Referring now to FIG. 6, the logic and sequence of operations to trigger a security system according to the present invention will be described. When the system detects an intrusion, an alarm is sounded at block 56. It will be understood by those having skill in the art that the alarm may be a siren, lights, a silent alarm or a call to the police or other authorities or the equivalent thereof. It will also be understood by those having skill in the art that an alarm may be sounded after a suitable delay from the time an intrusion is detected to allow for disarming. When the alarm sounds, the display of block 57 is displayed, thus providing for a prompt to "SILENCE" the alarm. When user input to "SILENCE" the alarm is received at block 58, for example by depressing key 12a, the display of block 59 is displayed, prompting for entry of an authorization code. If an invalid authorization code is entered (block 60) the alarm continues. If a valid authorization code is entered then the security system is disarmed (block 61) and block 62 is displayed to provide an option to "QUIT" or to "DISPLAY" the alarm. At block 63 a user input is received either to "QUIT" or to "DISPLAY" (keys 12b and 12c respectively). If "QUIT", processing returns to block 31 or 32 of FIG. 4 (block 67). If "DISPLAY", block 64 is displayed. At block 65 a user input to "QUIT" or display "TIME" is received. If "QUIT", then processing returns to block 31 or 32 of FIG. 4 (block 67). If "TIME" (key 12c) is selected the display of block 66 is displayed where "XX" refers to the zone and "DATE" and "TIME" display the date and time of the intrusion. Then, after a delay, processing returns to block 31 or 32 of FIG. 4 (block 67).
Referring now to FIG. 7 there is described the logic and sequence of operations to test the security system according to the present invention. The test of the security system is started by displaying the display block 70 to prompt for entry of the authorization code. Then, at block 71, an authorization code is received, and a test is made for a valid authorization code at block 72. If the authorization code is not valid then the test is not performed and the logic returns to FIG. 4 (block 77). If the authorization code is valid, then at block 74 the system test is performed and the system displays "ZONES TESTED" (block 75). Processing may then return to FIG. 4.
It will be understood by those having skill in the art that the above Description of the Preferred Embodiment has described the general control of a security system including prompts for multiple options and for an authorization code when necessary, wherein options are selected by displaying appropriate labels for selection keys. The specific operations of arming a security system for leaving and staying, for disarming a security system, and for testing the zones of a security system have been described. However, it will be understood by those having skill in the art that a user interface for other known functions of a security system may be provided according to the present invention. Added functions may be initiated by providing fixed keys for each added function. Alternatively, means may be provided for scrolling through a number of menus, which display options for initiating the various functions. To initiate a function, user would then depress key 12a, 12b, or 12c. To scroll from menu to menu, up and down keys or scrolling keys may be provided on the keypad.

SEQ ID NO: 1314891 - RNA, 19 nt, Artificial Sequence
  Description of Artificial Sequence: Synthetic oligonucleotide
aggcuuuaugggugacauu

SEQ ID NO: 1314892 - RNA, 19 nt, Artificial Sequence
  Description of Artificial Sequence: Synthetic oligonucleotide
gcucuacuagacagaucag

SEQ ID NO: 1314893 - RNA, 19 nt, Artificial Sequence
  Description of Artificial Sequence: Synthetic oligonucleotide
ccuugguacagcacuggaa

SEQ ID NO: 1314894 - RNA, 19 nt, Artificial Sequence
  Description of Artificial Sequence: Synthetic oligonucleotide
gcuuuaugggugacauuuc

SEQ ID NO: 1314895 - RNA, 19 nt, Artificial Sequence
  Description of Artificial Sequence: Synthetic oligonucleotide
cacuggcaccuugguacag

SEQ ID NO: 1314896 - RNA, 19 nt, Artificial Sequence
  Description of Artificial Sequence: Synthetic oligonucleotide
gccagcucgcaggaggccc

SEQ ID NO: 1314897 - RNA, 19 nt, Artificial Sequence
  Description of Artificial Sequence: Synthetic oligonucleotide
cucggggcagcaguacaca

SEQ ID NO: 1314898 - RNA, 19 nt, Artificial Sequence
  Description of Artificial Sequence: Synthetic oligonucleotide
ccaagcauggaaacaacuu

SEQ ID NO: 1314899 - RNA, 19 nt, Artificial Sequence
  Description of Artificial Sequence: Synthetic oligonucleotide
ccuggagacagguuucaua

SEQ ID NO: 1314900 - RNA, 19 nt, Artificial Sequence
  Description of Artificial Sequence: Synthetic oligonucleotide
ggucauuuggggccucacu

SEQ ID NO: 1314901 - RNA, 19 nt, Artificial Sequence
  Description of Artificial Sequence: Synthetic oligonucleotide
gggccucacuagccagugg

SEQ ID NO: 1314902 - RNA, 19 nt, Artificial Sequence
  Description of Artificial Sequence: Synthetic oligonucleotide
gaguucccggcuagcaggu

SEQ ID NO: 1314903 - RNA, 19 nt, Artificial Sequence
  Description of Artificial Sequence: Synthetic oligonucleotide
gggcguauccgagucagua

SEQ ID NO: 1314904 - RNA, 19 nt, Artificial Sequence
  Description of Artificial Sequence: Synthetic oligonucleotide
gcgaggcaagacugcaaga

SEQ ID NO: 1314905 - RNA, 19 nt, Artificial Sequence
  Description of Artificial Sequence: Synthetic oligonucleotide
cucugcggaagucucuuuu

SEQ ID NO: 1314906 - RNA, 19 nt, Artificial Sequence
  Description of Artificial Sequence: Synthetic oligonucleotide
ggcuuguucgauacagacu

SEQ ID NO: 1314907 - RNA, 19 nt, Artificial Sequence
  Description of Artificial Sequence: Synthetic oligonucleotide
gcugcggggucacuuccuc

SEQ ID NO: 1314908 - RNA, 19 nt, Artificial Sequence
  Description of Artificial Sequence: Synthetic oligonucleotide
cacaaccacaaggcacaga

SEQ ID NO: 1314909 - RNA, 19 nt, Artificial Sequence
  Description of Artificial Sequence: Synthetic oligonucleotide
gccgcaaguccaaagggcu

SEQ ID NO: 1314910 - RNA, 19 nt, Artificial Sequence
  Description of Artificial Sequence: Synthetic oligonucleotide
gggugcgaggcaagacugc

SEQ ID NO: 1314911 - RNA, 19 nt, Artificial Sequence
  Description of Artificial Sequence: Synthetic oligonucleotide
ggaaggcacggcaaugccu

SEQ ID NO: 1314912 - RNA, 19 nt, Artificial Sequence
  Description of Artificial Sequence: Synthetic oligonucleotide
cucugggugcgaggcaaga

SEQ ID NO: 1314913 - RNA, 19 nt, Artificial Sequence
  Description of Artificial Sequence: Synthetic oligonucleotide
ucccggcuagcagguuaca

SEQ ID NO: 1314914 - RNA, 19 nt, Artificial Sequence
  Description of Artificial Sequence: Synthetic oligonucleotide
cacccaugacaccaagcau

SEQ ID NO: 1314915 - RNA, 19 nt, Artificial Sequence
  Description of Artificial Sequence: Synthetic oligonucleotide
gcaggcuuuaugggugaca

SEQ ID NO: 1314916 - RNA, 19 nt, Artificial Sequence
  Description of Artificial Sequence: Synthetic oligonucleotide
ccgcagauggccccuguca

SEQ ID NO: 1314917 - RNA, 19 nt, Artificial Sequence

It will be also understood by those having skill in the art that while a custom logic controller may be provided to perform the functions described above, the preferred embodiment of the invention performs these functions using a stored program which runs on a microprocessor controller. A stored program provides the advantage that new functions may be added by simply changing the stored program. In either case, according to the invention, the user need not memorize command sequences, or understand the logic or sequence of operations for controlling the security system. The user merely answers the prompts when displayed and selects an option when displayed. In an emergency situation a complex security system may easily be controlled by an inexperienced user.
In the drawings and specification, there have been disclosed typical preferred embodiments of the invention and, although specific terms are employed, they are used in a generic and descriptive sense only and not for purposes of limitation, the scope of the invention being set forth in the following claims.
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|U.S. Classification||340/541, 340/506, 340/5.32|
|International Classification||G08B13/22, G08B25/14|
|Cooperative Classification||G08B25/14, G08B25/008|
|European Classification||G08B25/00P, G08B25/14|
|Nov 14, 1988||AS||Assignment|
Owner name: MOOSE PRODUCTS, INC., A NC CORP., NORTH CAROLINA
Free format text: ASSIGNMENT OF ASSIGNORS INTEREST;ASSIGNORS:PHILLIPS, KIRK B.;KASTAN, PETER;REEL/FRAME:004972/0864
Effective date: 19881109
|Dec 17, 1991||CC||Certificate of correction|
|Oct 22, 1993||FPAY||Fee payment|
Year of fee payment: 4
|Dec 5, 1997||FPAY||Fee payment|
Year of fee payment: 8
|Jan 27, 1999||AS||Assignment|
Owner name: SLC TECHNOLOGIES, INC., A DELAWARE CORPORATION, OR
Free format text: MERGER;ASSIGNOR:SENTROL, INC.;REEL/FRAME:009719/0483
Effective date: 19970926
|Sep 28, 2001||FPAY||Fee payment|
Year of fee payment: 12